No rule of the internet is more to be revered than “Don’t feed the trolls,” but I think I may be about to break that rule. Now, you can rarely be certain that someone is simply trolling; but when a writer digs up and re-posts a piece from 2005, calls it “Death to Homeschooling”, and then follows it up with two further equally inflammatory posts on the same subject — here and here — it’s hard not to think that that someone is doing a Dance of the Seven Veils before a roomful of potential pageviews.
Tony Jones’s argument is basically this: “to withdraw my children from public education is to not play my (God-given) role as a missional member of society.” If I homeschool I fail to accept the “mandate to be the most involved, missional societal participant that I can be.” To homeschool my kids is simply “to ‘opt out’ of the societal” — he means “social” — “contract.” You can see that Jones really likes the word “missional” and makes it work hard for its money. “Missional means showing Christlike compassion to other human beings and to all of creation…. Missional means being the salt seasoning in the world, and you cannot be that seasoning (no matter your age) if you withdraw from society.”
Now, before I go any further: my wife Teri and I homeschooled our son Wes from seventh grade on, for reasons that I explained here. Just so you know. Now, back to Tony Jones:
I’m not sure whether Jones has noticed that he’s not just denouncing homeschooling but also all forms of private education — though, since he graduated from Dartmouth and attended seminary, he evidently thinks that there’s some point, presumably after high school, when the absolute prohibition on private education is lifted. Lucky for him! He also professes puzzlement that anyone could possibly take his posts personally, even though he accuses them of disobedience to God and freely speculates on their base motives: “Sometimes I wonder if homeschooling is a choice that parents make to allow their own adult avoidance of rolling up their sleeves and making public schools better.”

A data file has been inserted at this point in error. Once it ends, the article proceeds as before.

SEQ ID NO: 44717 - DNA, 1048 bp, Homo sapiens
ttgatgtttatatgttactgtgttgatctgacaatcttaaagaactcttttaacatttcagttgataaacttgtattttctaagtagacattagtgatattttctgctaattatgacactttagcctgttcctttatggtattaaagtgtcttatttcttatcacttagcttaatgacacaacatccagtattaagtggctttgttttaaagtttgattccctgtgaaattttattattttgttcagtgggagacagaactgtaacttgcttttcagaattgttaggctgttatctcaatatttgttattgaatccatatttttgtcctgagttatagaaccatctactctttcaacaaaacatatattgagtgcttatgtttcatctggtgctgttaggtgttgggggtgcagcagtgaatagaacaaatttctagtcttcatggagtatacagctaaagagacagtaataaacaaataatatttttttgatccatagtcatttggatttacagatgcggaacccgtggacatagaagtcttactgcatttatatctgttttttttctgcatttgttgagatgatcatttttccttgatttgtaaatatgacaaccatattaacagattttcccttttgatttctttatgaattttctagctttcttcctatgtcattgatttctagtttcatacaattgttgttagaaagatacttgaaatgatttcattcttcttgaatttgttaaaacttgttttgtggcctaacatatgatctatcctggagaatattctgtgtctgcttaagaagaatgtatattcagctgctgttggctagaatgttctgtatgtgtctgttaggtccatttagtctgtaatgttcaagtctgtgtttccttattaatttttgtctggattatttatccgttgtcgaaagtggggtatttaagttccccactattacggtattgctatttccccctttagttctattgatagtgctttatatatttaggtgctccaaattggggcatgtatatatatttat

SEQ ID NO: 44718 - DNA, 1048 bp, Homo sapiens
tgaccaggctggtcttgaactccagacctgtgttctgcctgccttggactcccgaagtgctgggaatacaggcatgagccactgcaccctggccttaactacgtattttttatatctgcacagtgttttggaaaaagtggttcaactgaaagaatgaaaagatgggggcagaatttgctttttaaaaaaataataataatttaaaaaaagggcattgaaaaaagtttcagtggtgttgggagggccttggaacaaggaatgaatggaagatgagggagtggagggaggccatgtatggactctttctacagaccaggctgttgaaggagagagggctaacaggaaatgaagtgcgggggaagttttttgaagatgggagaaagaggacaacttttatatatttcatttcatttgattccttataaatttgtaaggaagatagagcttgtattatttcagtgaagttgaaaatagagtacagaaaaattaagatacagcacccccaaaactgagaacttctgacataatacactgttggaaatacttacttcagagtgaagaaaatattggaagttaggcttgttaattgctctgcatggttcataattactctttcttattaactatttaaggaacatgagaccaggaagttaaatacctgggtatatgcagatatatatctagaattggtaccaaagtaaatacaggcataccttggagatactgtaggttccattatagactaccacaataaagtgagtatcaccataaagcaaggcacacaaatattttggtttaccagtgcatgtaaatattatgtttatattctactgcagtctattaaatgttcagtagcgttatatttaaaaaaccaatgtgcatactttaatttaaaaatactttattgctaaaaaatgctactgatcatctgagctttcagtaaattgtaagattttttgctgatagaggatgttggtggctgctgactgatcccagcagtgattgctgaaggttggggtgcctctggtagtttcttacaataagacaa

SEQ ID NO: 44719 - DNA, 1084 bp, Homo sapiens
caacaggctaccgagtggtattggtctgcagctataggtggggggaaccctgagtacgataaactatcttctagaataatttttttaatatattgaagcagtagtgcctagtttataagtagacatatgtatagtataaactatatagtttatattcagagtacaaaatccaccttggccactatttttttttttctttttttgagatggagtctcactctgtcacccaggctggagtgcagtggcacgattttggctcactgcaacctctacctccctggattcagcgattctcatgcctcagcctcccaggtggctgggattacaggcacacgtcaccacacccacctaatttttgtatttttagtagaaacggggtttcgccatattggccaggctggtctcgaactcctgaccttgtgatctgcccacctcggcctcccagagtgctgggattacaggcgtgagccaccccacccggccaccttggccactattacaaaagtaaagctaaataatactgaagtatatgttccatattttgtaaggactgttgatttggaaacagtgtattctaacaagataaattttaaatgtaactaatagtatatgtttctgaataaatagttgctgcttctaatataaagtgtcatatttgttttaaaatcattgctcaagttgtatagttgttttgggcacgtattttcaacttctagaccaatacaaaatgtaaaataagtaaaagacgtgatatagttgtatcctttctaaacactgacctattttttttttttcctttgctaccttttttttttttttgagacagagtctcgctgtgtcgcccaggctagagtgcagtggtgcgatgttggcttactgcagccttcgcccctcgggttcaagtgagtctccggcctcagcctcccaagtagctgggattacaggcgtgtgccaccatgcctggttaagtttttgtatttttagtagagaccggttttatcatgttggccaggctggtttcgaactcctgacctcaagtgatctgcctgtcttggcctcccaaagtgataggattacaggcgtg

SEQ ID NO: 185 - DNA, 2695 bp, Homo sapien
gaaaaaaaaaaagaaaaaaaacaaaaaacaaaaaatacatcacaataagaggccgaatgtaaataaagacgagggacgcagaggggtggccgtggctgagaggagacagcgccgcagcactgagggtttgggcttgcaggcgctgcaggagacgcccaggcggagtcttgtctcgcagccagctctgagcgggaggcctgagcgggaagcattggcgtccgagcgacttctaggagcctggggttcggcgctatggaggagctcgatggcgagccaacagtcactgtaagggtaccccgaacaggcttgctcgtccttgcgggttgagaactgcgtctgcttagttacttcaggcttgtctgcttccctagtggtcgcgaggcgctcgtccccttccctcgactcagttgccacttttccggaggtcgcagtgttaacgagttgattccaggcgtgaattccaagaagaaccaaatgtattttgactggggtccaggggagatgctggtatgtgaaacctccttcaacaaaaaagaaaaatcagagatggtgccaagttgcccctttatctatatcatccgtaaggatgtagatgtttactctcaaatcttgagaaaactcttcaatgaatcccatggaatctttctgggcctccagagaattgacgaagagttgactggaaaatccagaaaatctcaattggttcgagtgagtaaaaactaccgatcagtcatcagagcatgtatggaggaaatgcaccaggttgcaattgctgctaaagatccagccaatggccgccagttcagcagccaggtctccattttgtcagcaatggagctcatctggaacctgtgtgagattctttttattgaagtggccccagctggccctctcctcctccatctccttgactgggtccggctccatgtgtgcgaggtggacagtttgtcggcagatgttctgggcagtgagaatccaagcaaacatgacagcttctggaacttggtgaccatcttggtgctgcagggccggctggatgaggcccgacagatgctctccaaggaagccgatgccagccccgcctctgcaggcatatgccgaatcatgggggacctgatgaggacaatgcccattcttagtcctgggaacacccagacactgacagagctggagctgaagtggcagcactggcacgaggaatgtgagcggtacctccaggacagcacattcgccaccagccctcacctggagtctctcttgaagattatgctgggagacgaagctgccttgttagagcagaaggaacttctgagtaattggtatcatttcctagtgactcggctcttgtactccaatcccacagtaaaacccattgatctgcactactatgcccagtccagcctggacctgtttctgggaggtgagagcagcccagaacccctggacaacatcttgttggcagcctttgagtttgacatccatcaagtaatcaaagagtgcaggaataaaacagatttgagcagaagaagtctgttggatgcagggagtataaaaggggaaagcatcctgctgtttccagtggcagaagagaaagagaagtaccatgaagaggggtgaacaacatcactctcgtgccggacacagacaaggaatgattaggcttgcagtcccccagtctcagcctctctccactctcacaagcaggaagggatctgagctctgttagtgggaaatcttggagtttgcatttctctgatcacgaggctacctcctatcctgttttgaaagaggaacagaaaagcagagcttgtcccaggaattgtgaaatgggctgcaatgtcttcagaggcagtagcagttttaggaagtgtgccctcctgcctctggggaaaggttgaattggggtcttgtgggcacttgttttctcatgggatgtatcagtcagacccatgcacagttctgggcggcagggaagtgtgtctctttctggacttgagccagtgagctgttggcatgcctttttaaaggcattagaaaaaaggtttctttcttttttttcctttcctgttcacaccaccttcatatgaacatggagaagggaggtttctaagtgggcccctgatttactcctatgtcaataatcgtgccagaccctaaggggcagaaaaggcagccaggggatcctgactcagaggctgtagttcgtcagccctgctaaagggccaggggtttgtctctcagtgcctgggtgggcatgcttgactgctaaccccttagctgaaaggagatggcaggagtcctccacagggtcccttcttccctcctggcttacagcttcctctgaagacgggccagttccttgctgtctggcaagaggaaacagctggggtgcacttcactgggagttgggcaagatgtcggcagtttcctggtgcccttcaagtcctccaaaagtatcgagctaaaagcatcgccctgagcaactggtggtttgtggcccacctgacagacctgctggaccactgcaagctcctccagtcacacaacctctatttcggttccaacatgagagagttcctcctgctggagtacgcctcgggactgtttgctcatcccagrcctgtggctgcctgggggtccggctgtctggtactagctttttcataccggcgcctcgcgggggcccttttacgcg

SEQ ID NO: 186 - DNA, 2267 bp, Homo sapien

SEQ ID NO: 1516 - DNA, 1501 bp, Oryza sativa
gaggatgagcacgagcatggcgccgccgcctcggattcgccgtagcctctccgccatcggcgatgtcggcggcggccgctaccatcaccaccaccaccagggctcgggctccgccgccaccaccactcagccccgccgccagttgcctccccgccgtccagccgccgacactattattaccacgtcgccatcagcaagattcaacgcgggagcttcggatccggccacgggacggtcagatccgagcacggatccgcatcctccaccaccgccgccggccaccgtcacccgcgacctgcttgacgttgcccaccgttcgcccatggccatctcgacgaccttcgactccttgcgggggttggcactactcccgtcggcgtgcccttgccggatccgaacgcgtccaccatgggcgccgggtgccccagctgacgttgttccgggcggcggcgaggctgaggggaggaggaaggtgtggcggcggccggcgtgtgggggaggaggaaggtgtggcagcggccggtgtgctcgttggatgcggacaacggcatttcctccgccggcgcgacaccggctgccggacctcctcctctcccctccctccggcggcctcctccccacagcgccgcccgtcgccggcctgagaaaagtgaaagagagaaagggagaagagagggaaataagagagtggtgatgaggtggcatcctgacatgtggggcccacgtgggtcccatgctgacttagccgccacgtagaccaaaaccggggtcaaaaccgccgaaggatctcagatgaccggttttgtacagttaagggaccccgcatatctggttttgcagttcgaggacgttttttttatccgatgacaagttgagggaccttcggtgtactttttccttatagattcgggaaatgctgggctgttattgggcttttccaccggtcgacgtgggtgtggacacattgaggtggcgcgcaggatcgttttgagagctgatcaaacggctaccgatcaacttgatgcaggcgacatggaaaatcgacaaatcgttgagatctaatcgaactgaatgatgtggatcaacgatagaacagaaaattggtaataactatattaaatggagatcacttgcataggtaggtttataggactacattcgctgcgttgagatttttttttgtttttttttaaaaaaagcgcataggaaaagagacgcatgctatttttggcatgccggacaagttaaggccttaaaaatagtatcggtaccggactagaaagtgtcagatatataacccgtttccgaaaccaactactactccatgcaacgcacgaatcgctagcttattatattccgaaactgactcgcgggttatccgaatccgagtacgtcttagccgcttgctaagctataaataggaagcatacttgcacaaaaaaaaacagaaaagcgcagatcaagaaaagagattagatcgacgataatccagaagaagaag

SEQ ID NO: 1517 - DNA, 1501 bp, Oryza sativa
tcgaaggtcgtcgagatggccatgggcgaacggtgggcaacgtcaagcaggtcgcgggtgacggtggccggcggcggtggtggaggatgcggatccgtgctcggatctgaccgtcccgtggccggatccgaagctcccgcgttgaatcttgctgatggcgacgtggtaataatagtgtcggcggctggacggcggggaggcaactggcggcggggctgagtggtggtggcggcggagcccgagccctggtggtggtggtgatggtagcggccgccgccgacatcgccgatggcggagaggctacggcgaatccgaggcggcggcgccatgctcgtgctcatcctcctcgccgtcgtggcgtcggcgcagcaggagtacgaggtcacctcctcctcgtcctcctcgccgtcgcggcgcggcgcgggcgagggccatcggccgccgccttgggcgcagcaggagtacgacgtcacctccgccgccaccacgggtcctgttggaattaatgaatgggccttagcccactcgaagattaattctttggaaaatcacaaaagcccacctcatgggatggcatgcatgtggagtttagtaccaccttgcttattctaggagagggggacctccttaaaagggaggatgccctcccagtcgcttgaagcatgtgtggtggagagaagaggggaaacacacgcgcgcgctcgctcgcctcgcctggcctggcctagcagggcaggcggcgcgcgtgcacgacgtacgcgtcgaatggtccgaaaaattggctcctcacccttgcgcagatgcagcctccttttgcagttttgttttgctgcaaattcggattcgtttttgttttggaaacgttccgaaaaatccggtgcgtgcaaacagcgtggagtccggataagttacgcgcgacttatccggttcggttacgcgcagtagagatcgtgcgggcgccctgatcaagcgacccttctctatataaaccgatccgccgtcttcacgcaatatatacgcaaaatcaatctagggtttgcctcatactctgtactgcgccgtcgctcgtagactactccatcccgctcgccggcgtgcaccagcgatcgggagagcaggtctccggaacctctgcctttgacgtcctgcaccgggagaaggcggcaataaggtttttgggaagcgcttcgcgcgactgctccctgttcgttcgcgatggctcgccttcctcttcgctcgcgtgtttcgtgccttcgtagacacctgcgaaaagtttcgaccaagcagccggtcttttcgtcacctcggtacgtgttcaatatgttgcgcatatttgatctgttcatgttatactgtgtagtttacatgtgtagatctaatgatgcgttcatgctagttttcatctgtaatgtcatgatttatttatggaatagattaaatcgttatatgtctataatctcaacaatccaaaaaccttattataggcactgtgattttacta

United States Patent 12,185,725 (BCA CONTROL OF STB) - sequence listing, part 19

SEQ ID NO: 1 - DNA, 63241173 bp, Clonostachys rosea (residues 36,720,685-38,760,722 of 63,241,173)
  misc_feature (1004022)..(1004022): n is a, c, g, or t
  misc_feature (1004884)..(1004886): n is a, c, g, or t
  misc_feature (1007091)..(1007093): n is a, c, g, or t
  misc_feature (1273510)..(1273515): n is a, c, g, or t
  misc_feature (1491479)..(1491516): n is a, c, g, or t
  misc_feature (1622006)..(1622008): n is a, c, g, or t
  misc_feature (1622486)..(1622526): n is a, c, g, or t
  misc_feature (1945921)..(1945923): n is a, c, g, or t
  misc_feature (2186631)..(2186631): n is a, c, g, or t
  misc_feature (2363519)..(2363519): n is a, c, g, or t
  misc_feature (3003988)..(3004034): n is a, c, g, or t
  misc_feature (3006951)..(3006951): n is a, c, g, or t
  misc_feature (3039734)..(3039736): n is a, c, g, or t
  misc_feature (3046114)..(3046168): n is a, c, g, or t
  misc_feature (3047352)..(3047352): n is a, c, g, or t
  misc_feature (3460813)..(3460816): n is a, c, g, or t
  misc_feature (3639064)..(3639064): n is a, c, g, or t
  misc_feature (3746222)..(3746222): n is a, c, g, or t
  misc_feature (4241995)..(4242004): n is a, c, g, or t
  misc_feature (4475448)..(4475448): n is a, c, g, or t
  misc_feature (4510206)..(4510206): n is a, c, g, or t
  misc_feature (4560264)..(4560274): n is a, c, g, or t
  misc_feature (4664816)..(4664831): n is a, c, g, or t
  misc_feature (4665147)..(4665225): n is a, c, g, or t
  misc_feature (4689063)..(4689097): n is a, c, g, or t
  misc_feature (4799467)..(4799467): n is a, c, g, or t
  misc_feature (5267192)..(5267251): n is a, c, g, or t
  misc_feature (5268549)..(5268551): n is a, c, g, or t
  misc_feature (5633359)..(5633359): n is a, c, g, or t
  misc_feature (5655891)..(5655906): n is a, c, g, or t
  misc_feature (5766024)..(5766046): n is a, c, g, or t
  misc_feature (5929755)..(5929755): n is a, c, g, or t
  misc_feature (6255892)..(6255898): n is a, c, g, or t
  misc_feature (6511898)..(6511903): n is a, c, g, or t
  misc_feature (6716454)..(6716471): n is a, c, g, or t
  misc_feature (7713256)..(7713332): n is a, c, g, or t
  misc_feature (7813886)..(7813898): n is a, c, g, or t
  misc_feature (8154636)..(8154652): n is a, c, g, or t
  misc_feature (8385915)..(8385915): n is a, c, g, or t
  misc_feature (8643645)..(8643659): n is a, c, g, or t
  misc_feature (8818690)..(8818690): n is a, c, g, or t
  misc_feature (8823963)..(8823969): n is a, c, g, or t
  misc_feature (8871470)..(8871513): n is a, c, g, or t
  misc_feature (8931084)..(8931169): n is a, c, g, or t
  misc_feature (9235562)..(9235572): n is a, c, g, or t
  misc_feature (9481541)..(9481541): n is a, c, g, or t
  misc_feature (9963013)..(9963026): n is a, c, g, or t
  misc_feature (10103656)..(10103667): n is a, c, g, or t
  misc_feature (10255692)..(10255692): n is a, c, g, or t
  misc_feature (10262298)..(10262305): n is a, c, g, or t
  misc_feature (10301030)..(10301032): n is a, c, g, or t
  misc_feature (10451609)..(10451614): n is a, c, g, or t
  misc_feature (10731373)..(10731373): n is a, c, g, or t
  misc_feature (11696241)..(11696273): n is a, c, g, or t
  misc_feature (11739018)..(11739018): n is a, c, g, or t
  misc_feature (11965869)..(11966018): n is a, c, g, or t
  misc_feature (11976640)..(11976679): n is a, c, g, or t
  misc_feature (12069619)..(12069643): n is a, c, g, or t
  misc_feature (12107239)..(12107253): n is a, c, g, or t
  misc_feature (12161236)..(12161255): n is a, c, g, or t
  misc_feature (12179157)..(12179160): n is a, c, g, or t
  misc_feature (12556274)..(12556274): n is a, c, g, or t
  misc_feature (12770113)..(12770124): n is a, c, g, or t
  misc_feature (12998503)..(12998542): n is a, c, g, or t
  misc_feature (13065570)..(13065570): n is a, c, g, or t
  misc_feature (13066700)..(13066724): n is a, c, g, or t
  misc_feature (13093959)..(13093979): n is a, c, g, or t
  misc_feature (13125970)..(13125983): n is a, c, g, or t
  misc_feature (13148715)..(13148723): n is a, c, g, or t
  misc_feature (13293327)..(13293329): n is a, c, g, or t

So, you know: sounds pretty darn trollish to me.
But there’s a point I want to raise, because I think it’s generally relevant to mainstream American Christianity, of which Jones is a shining example: notice that his whole emphasis is on the right here and right now. If your kids aren’t in the public arena at this very minute then you’ve bailed on the social contract, bub, and you ought to be ashamed of yourself. But what if you’re educating your kids at home now so they can better serve society later? This is not a possibility that Jones considers, perhaps because he never actually discusses education as such — that is, he doesn’t say a word about what kids learn in school and why they learn it. Perhaps he hasn’t thought about these matters, but they bear thinking of.
Because when properly understood education is for something — it is preparatory to the assumption of full adult responsibilities. In John Milton’s great essay “Of Education” he writes, “I call therefore a compleat and generous Education that which fits a man to perform justly, skilfully and magnanimously all the offices both private and publick of Peace and War.” You might feel that you’re doing your part for the “societal contract” by sending your kids to public schools for twelve years, and indeed you might be — but what if those schools do little or nothing to prepare those kids to serve the communities in which they live for the remaining sixty or seventy years of their lives? Intrinsic to both conservatism and Christianity as I understand them is the necessity of thinking in the longest possible terms, and well beyond the impulses, gratifications, and calculations of the present moment.
Teri and I tried to raise a young man to be equipped for the challenges of a complex, and increasingly complex, social order, so that he might be able to fill “all the offices both private and publick” that come open for him. We are of course not sure that our choices were always the best ones; but we are sure that we couldn’t have made genuinely thoughtful decisions if we had been working with the simplistic binary categories — public educaton good; private education bad — that Tony Jones prefers.
And we might want to reflect on the fact that Jesus of Nazareth, who was instructing the rabbis in the Temple at age 12, didn’t begin his public ministry until age 30. He seemed to think it necessary to spend a good deal of time in preparation for fulfilling, and more than fulfilling, the social contract. But what did he know?
UPDATE: A comment from a reader: “We homeschool our kids because we are confident that we can teach them more than our local public school. More importantly, we don’t want them to be part of the peer culture in our local school, which is decadent and destructive (for example, pornography is a big deal among the teenagers there, and teen pregnancies are becoming more normalized). It’s a hard thing for us, because we want to be part of the local community, given our religious and political convictions, but how can you be a communitarian when the baseline morality of the community has become so degraded? I am not willing to sacrifice my children’s character formation and education for the sake of proving a political or religious point. What would Tony Jones have us do to “improve” the quality of public schools? The problem is not so much the public schools as it is the public. Jones’s sanctimony about this issue is unimpressive.”